Riverbed Offers Inbound Traffic Feature in Steelhead Networking Device

Riverbed's Steelhead WAN optimization appliance can now control both outbound and inbound applications, such as video conferencing, VOIP and SaaS.

Riverbed Technology is adding an inbound quality-of-service (QoS) feature into the software that runs on the company€™s Steelhead WAN optimization appliances, a move that is needed as trends like video and cloud computing increase the amount of network traffic coming in from outside the enterprise.

According to Riverbed officials, businesses no longer are only dealing with applications that originate in central data centers. Now they are increasingly relying on direct-to-Internet and meshed wide area networks (WANs) for such applications as video, voice over IP (VOIP), software as a service (SaaS) and unified communications (UC). At the same time, employees also are increasingly using social media in both their personal and professional lives.

The outbound QoS feature in the company€™s Riverbed Optimization System (RiOS) has been a mainstay in Riverbed€™s WAN optimization offering, enabling IT administrators to ensure the performance of mission-critical back-end business applications. Other vendors have been offering similar capabilities in their solutions.

However, with the growth of Web-based applications, video conferencing, social media and similar trends, enterprises have begun to use what Riverbed officials said are hybrid networks that use both low-cost Internet breakout links that divert Web traffic away from the more costly private networks, and fully meshed multi-protocol label switching (MPLS) connectivity that allows networking traffic to flow directly between branch offices.

Enterprises now must handle critical traffic that is going into and out of central data centers, branch offices and the cloud.

With only outbound QoS available, branch offices connected via a meshed network can become inundated with traffic from multiple senders, according to Eric Carter, senior product marketing manager for Steelhead appliances at Riverbed. For many businesses, having to deal with the rise of inbound traffic meant using separate third-party appliances in particular locations to control bandwidth, which can be costly.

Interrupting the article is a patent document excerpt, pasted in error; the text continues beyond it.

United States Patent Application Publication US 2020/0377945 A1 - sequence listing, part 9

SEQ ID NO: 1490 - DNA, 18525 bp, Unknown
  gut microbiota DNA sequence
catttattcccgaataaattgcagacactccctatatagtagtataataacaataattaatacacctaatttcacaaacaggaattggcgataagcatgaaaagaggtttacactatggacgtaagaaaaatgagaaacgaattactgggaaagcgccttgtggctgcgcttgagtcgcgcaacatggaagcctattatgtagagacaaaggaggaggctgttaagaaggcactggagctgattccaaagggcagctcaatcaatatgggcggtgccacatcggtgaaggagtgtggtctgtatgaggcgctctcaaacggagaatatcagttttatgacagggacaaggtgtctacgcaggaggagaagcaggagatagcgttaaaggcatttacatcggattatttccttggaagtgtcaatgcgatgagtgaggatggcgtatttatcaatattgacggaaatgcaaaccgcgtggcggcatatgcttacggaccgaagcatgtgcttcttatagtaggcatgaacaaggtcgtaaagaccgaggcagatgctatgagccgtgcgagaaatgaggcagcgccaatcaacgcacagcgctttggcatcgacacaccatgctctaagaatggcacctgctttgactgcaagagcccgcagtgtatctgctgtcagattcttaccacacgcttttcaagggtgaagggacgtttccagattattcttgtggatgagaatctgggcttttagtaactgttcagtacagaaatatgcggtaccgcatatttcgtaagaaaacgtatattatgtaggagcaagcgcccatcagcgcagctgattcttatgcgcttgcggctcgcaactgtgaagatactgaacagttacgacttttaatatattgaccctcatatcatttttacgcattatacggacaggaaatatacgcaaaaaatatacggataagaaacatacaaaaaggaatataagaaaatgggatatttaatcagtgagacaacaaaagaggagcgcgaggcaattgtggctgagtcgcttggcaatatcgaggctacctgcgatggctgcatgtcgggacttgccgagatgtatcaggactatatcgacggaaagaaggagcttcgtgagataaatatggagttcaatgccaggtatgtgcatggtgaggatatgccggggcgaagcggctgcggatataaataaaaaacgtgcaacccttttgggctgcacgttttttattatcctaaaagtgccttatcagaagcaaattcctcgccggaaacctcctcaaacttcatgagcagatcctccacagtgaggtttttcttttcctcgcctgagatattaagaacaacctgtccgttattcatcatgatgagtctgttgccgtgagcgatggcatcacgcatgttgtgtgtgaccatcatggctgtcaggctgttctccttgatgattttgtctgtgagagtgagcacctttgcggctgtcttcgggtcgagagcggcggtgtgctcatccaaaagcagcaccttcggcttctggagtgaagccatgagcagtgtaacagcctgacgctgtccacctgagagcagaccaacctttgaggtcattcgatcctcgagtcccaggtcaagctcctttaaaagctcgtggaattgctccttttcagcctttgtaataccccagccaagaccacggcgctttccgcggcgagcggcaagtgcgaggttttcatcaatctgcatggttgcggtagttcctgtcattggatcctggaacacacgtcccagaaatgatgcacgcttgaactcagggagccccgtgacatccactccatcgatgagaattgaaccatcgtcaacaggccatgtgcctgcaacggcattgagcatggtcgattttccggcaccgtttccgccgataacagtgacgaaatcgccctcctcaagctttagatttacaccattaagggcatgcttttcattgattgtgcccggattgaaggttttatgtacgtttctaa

By putting inbound QoS capabilities in its Steelhead appliance, Riverbed is making it easier and less costly for enterprises to handle the growing amount of traffic coming into the network from outside, Carter told eWEEK.

€œThere is a need for inbound [QoS capabilities], and we€™re putting into the Steelhead WAN optimization device,€ he said.

With this feature, announced July 23, enterprises can use a single Steelhead appliance to control both outbound and inbound traffic, ensuring the IT staff can guarantee enough stable bandwidth to give mission-critical€”and in some cases, latency-sensitive€”applications the predictable levels of performance that enterprises need, even as new applications are coming onto the network from disparate delivery sites.

Riverbed officials said they use proprietary classification methods, simple configuration and scheduling techniques to create the company€™s QoS capabilities to enable businesses to allocate minimum and maximum bandwidths and prioritize applications, whether they€™re coming from within or outside the enterprise.

The QoS capabilities are part of a larger WAN optimization portfolio that also includes application, network and protocol optimization and deduplication.